Microsoft, Apple, and other companies in a consortium have received approval for a $4.5 billion sale of Nortel wireless technology patents.
led by Microsoft and Apple further cemented their victory over Google in a
high-stakes auction for Nortel's wireless technology patents, with judges in
the United States and Canada approving the $4.5 billion transaction.
Bankruptcy Judge Kevin Gross, in Wilmington, Del., and Ontario Superior Court
Judge Geoffrey Morawetz signaled their approval in a joint session, according to Bloomberg
. The case itself is Nortel
Networks Inc., 09-10138, U.S. Bankruptcy Court, District of Delaware
companies in the Rockstar Bidco LP consortium include Sony, Ericsson and EMC.
The group ended up battling a combined Google and Intel for the 6,000 patents
and patent applications at issue.
for bankruptcy in January 2009, and began selling off pieces of the company. After
selling off most of its businesses, Nortel still had thousands of viable
patents in reserve for the right bidder. "One of a company's best defenses
against this kind of litigation is (ironically) to have a formidable patent
portfolio, as this helps maintain your freedom to develop new products and
services," Kent Walker, Google's senior vice president and general counsel,
wrote in an April 4 posting on the Official Google Blog
Google offered Nortel some $900 million for those patents, with the idea of
creating an intellectual-property moat for its Android mobile operating system.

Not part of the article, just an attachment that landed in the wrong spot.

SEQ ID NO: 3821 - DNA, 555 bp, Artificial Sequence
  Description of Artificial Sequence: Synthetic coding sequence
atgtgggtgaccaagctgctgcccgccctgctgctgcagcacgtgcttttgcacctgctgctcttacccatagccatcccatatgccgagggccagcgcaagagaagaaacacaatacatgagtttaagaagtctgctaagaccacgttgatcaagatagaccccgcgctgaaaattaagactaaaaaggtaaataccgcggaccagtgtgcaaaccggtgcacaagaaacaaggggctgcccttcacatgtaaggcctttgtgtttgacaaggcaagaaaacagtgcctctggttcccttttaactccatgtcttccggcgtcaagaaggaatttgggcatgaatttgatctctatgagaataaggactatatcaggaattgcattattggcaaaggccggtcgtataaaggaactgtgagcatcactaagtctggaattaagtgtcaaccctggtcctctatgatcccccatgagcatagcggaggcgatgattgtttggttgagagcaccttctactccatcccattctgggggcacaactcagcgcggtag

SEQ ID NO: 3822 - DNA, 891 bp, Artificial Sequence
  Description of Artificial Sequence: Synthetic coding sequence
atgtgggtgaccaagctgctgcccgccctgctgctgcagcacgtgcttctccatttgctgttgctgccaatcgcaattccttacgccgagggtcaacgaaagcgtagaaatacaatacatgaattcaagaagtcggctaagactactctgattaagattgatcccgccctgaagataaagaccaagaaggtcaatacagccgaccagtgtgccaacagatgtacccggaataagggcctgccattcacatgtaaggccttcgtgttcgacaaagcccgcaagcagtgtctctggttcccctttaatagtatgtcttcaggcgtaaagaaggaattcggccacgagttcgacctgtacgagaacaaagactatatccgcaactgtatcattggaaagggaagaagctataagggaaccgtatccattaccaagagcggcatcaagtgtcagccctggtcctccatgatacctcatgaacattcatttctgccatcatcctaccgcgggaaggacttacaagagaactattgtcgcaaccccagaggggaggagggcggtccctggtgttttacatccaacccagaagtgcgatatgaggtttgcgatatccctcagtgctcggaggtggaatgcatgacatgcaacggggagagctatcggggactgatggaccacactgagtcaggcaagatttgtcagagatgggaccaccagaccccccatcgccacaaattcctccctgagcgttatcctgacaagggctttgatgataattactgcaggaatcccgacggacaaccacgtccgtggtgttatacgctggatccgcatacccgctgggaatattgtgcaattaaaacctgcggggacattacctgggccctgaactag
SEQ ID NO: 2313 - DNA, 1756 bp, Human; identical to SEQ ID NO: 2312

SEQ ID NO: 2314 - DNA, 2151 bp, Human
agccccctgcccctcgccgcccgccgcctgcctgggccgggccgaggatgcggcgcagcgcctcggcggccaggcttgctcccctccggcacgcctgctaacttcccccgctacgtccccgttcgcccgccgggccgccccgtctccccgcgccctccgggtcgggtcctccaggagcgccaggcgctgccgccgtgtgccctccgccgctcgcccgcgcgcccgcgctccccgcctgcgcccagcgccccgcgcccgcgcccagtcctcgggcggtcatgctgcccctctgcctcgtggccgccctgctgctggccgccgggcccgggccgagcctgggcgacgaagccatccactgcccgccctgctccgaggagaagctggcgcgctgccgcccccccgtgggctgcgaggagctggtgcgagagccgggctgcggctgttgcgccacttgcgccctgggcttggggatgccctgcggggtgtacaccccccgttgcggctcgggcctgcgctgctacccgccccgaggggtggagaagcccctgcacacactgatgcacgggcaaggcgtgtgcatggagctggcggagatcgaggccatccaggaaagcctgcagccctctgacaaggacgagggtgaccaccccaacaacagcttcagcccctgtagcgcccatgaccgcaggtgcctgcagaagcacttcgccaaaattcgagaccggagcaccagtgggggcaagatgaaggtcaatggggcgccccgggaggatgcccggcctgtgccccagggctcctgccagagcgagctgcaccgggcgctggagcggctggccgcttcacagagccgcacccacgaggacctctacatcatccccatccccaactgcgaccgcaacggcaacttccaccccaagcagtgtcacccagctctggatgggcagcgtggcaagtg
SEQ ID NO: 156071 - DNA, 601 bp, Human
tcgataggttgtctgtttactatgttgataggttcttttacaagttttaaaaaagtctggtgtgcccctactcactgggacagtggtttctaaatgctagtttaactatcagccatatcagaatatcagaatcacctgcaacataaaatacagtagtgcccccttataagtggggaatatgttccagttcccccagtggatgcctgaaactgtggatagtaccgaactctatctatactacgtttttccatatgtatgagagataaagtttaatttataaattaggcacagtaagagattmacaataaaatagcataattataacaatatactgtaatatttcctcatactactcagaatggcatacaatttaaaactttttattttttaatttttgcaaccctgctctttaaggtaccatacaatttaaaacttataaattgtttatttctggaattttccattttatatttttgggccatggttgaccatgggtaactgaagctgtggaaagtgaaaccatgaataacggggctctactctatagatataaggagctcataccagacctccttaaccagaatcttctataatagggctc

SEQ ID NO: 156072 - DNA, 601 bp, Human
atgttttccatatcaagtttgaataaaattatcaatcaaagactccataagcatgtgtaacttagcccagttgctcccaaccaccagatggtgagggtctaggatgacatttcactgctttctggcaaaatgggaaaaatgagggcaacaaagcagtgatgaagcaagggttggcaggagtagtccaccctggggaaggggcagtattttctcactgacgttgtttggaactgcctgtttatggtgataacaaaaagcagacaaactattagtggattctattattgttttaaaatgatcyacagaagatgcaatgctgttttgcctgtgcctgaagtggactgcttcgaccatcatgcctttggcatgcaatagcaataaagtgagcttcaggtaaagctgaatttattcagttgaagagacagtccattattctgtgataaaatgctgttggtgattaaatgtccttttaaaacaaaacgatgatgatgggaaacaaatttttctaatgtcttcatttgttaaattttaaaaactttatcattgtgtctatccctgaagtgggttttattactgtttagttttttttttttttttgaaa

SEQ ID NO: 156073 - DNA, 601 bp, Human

Android has been the target of increased litigation by Microsoft, Apple and
other companies that have fired off lawsuits at manufacturers loading the
open-source software onto their mobile devices.
weeks, Microsoft has convinced several manufacturers to pay it royalties on
their Android-based devices, and is currently locked in battle with Motorola
and Barnes & Noble over it what it claims are intellectual-property
violations in those companies' use of Android on their mobile devices.
Meanwhile, Apple is embroiled in lawsuits with HTC, Samsung and Motorola over
the use of Android technology.
Just to make
things a little more interesting for Google, the search-engine giant finds
itself the target of a massive lawsuit by Oracle, which claims Android violates
its Java-related patents and copyrights; a loss in that case would have
widespread repercussions for Android's spread.
not sell Android to the manufacturers who load the operating system on their
devices, but it does make money off selling mobile ads. Google has previously
stated that its mobile ad business operates at a run-rate of $1 billion
Some of Nortel's
patents covered the LTE (Long-Term Evolution) technology used by many smartphones
currently on the market, and could have provided Google with cover as it seeks
to repel all these legal challenges. With the ball now firmly in the hands of
its rivals, though, it remains to be seen whether Google's position now becomes
that much more precarious. Certainly, the intense legal battles over Android
will continue unabated.
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